Leaders of minor pan-green camp parties yesterday joined organizations that support Taiwanese independence in supporting President Tsai Ing-wen (蔡英文), calling for better cooperation with Tsai and the Democratic Progressive Party (DPP).

The DPP should not try to dominate the entire pan-green political spectrum, but give other pan-green parties room to operate, as they are at the forefront in the battle for Taiwan’s democracy and freedom, World United Formosans for Independence chairman Richard Chen (陳南天) said.

Led by Chen and Social Democratic Party convener Fan Yun (范雲), the representatives said that they support Tsai’s re-election bid, as the nation needs a leader who upholds justice, and Tsai can face China’s threats with courage and determination.

“Although we are showing support for Tsai, we also know that many people in the Taiwanese independence movement are dissatisfied with her and the DPP’s governance these past few years,” Chen said. “We have our differences on many issues. They also complain of being marginalized and driven to extinction by the DPP.”

“Many of our friends and affiliated groups wanted to have [former premier] William Lai (賴清德) as the DPP’s presidential candidate, but no matter the differences, our choice is Tsai, because with her as president, we can still have scrutiny and voice criticism,” he said.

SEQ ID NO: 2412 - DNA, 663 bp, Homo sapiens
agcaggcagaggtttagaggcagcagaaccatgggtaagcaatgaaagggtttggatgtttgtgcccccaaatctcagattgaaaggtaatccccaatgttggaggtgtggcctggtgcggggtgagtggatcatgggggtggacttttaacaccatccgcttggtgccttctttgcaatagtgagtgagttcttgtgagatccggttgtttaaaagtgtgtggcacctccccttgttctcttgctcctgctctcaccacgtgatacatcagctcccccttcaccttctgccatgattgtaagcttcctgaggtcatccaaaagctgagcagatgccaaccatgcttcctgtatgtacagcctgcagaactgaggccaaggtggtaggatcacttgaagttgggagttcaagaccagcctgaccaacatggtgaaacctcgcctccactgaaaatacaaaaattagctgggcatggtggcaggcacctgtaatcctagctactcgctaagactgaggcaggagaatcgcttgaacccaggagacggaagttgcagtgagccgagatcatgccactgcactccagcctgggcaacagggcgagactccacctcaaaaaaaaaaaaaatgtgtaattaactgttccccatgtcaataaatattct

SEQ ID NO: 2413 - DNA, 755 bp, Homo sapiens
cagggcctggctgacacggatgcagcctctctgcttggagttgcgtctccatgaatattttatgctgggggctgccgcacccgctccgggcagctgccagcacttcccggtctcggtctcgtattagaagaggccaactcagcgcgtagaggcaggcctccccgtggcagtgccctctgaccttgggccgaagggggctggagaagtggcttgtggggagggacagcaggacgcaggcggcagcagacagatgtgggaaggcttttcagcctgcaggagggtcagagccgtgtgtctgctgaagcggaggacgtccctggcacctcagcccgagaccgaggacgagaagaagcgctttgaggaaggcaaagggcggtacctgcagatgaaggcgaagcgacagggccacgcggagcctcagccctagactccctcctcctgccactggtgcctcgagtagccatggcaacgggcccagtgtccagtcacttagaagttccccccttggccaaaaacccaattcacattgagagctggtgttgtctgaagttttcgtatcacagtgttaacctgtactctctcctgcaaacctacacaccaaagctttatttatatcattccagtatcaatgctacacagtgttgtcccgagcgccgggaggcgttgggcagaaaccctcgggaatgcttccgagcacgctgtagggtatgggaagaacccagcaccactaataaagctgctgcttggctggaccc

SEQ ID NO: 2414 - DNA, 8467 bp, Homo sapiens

“However, if the other candidate who is acting under China’s control were to win, then Taiwanese would no longer have any choice — we can only sit back and wait for our death,” Chen said.

The only other contender in the presidential race so far is Kaohsiung Mayor Han Kuo-yu (韓國瑜), the Chinese Nationalist Party’s (KMT) candidate.

The representatives urged the public to closely examine all presidential candidates and say “no” to a political opportunist who cannot espouse a clear idea of his principles and can only speak vaguely on proposed policies.

Taiwanese should reject candidates who ignore the constant military threat and bullying from outside, prioritize China’s interests and keep blaming the victims rather than the aggressor, while undermining the freedom and democratic values that Taiwanese hold dear, they said.

Many small political parties would be fighting for their survival in the presidential and legislative elections in Jan. 11 next year, trying to win enough votes to have their candidates pass the threshold for legislator-at-large seats, Fan said.

“We are at a critical point and it is time to put aside our differences by supporting Tsai,” Fan said. “We cannot afford Taiwan’s sovereignty and democracy being killed and buried by China and its proxies. I do not want to see Taiwan become devoid of justice, rights and equality.”